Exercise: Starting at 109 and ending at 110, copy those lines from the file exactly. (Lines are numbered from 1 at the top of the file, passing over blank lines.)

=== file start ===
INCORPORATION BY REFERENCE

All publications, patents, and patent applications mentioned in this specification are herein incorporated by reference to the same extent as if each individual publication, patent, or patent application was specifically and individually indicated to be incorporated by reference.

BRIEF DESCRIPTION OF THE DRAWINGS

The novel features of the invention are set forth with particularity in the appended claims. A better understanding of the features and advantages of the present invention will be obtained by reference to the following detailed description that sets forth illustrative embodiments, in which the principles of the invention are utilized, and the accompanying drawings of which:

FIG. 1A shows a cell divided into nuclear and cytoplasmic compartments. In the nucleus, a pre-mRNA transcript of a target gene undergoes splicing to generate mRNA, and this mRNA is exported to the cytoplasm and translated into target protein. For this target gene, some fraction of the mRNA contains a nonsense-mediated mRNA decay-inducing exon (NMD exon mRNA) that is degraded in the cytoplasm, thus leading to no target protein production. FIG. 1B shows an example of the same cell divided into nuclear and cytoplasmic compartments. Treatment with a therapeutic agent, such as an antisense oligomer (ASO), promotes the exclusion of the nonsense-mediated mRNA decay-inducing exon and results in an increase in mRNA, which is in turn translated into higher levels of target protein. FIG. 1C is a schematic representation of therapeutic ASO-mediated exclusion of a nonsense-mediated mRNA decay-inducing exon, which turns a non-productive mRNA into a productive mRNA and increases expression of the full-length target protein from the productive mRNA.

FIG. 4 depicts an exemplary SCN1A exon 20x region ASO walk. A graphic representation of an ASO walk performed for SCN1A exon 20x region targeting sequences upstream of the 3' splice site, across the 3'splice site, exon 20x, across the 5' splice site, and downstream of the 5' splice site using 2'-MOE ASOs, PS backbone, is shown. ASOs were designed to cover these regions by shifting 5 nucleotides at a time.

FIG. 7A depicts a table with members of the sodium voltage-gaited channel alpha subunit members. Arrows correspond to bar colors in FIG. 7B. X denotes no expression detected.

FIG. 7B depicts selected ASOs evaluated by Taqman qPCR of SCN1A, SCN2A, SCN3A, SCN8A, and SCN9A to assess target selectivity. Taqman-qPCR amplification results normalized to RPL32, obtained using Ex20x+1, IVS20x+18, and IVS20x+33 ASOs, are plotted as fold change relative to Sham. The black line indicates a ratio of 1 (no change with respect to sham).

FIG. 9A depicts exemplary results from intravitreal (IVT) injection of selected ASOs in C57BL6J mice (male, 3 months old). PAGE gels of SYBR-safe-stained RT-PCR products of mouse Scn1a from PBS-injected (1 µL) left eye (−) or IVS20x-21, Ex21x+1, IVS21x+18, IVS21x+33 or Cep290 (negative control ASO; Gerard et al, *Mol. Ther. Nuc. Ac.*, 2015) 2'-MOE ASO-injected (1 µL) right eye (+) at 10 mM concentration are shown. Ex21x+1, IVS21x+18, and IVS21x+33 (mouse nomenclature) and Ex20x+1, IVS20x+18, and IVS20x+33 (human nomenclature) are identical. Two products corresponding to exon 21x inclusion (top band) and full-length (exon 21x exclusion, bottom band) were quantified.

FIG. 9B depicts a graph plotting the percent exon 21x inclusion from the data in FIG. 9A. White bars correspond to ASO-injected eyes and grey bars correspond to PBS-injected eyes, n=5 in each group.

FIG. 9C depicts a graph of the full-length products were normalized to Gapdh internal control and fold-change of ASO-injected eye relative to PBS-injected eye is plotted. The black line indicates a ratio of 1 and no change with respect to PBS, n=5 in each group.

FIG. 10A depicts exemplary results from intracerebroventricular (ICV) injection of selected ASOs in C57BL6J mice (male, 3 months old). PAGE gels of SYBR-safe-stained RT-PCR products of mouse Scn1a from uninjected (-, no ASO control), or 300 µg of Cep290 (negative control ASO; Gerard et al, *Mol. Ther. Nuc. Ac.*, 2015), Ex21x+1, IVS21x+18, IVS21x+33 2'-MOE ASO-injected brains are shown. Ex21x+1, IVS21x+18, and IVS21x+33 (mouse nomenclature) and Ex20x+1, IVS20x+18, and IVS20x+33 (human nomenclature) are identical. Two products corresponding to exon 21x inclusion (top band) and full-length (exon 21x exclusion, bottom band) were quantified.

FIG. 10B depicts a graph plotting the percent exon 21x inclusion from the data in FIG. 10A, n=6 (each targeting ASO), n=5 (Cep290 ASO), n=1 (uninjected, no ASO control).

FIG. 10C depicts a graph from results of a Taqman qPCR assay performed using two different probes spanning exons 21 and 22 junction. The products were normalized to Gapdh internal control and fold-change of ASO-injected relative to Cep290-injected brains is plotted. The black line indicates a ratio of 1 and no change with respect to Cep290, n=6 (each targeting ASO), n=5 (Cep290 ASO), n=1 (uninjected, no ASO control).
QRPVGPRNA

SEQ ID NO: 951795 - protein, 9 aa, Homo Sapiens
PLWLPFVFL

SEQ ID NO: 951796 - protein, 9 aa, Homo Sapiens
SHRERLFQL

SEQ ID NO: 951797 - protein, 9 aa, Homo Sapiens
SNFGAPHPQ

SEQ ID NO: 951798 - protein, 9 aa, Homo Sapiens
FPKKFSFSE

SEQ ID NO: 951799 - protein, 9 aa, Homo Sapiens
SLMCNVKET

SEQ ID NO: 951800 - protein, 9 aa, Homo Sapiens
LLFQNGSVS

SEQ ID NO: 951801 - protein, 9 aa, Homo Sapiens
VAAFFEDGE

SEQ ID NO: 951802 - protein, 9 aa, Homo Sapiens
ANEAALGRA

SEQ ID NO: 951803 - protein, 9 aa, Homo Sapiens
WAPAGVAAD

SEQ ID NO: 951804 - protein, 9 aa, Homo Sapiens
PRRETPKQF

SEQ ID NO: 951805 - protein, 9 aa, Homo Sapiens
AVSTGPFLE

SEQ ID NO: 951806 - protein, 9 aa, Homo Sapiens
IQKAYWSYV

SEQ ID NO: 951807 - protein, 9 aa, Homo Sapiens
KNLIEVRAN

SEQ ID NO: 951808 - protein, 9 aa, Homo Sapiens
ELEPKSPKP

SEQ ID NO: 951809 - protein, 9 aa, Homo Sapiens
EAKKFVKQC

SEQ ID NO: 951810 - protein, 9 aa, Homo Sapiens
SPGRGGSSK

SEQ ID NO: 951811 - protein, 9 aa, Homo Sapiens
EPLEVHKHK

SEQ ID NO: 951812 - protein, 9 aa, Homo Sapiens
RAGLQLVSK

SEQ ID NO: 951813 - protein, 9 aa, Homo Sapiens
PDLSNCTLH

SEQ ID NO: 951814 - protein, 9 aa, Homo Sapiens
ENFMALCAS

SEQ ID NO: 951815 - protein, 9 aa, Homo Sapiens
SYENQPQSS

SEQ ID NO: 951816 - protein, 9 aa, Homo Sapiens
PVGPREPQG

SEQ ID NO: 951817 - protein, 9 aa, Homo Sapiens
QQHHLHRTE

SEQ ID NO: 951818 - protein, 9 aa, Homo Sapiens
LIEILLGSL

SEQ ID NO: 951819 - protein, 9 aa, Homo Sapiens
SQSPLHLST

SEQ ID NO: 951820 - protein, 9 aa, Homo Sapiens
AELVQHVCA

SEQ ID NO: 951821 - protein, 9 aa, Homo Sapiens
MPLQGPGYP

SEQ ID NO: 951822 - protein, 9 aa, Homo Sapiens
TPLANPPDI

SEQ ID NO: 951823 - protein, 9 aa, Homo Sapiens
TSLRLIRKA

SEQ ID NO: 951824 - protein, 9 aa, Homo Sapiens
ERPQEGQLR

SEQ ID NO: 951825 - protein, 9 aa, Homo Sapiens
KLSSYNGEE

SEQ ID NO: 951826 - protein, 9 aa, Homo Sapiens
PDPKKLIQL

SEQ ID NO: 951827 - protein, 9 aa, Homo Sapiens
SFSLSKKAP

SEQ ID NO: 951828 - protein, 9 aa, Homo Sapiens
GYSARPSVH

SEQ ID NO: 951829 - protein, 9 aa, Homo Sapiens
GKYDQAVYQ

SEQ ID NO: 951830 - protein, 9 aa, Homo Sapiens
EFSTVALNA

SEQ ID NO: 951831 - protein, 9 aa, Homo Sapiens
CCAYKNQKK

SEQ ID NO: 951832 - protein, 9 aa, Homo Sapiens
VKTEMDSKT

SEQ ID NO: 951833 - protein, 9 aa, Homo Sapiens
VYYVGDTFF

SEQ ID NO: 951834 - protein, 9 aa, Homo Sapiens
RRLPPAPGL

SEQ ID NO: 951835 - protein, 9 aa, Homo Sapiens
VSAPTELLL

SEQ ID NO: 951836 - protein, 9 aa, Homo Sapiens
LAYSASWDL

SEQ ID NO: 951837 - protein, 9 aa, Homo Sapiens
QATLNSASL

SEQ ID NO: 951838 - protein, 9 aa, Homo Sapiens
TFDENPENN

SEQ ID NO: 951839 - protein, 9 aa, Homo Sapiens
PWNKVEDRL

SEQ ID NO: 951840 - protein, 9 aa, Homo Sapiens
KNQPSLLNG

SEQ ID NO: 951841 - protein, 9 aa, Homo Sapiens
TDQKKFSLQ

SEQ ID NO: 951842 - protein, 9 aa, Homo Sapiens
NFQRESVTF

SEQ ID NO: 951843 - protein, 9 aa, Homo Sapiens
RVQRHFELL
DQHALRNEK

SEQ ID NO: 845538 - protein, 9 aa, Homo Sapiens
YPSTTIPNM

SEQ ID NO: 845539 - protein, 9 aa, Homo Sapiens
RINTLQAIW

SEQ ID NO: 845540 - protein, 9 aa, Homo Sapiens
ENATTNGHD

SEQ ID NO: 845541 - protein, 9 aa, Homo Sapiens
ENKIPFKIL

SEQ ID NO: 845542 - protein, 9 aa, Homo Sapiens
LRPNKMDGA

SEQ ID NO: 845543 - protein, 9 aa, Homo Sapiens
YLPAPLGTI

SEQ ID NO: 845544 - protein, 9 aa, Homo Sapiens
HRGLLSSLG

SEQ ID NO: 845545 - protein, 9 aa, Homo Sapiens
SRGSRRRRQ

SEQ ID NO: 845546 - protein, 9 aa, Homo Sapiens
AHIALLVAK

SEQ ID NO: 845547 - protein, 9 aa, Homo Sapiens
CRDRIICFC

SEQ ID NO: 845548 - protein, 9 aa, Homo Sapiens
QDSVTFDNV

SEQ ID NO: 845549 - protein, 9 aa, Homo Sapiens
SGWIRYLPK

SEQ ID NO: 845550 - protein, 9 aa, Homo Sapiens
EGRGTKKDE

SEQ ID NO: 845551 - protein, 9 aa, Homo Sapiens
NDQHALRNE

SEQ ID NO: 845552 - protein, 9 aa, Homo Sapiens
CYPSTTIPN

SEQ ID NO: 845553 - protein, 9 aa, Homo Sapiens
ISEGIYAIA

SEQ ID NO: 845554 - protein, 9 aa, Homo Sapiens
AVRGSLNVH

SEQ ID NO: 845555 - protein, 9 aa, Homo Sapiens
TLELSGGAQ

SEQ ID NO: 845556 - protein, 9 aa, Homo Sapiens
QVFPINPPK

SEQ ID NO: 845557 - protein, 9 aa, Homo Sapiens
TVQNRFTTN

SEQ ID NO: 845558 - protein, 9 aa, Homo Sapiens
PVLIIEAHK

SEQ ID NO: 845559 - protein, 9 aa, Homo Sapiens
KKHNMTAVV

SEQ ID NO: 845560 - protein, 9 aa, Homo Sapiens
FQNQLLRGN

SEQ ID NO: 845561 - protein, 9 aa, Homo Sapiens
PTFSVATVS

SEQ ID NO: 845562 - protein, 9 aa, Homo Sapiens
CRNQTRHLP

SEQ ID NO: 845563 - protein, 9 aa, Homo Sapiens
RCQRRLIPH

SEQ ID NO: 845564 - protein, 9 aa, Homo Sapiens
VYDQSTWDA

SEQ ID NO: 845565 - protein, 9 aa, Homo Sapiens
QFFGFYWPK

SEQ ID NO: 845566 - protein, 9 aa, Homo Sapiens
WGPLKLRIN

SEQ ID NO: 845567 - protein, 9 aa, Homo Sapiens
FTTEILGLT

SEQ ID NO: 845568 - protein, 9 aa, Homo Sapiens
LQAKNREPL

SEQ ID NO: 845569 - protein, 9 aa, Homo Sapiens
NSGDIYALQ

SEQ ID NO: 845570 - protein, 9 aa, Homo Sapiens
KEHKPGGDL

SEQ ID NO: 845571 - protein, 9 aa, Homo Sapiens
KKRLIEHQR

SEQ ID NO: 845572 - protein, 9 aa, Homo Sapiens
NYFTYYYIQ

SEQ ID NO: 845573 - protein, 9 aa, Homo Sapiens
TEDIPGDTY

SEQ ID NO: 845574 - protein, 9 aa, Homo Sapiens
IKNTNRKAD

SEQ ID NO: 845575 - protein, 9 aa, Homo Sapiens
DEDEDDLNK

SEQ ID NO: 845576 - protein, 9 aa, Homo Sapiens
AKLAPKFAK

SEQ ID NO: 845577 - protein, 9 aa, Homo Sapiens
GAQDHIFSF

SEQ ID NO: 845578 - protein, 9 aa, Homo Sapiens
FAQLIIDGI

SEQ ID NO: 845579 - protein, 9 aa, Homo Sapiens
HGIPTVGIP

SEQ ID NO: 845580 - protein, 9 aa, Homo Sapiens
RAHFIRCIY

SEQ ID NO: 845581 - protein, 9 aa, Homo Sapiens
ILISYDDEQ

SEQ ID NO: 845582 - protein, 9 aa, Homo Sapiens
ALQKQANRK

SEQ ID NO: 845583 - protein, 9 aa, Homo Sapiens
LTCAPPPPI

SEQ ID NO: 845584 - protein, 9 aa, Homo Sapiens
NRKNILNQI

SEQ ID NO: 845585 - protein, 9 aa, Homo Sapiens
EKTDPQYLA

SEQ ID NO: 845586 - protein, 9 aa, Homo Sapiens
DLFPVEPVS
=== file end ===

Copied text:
TDQKKFSLQ

SEQ ID NO: 951842 - protein, 9 aa, Homo Sapiens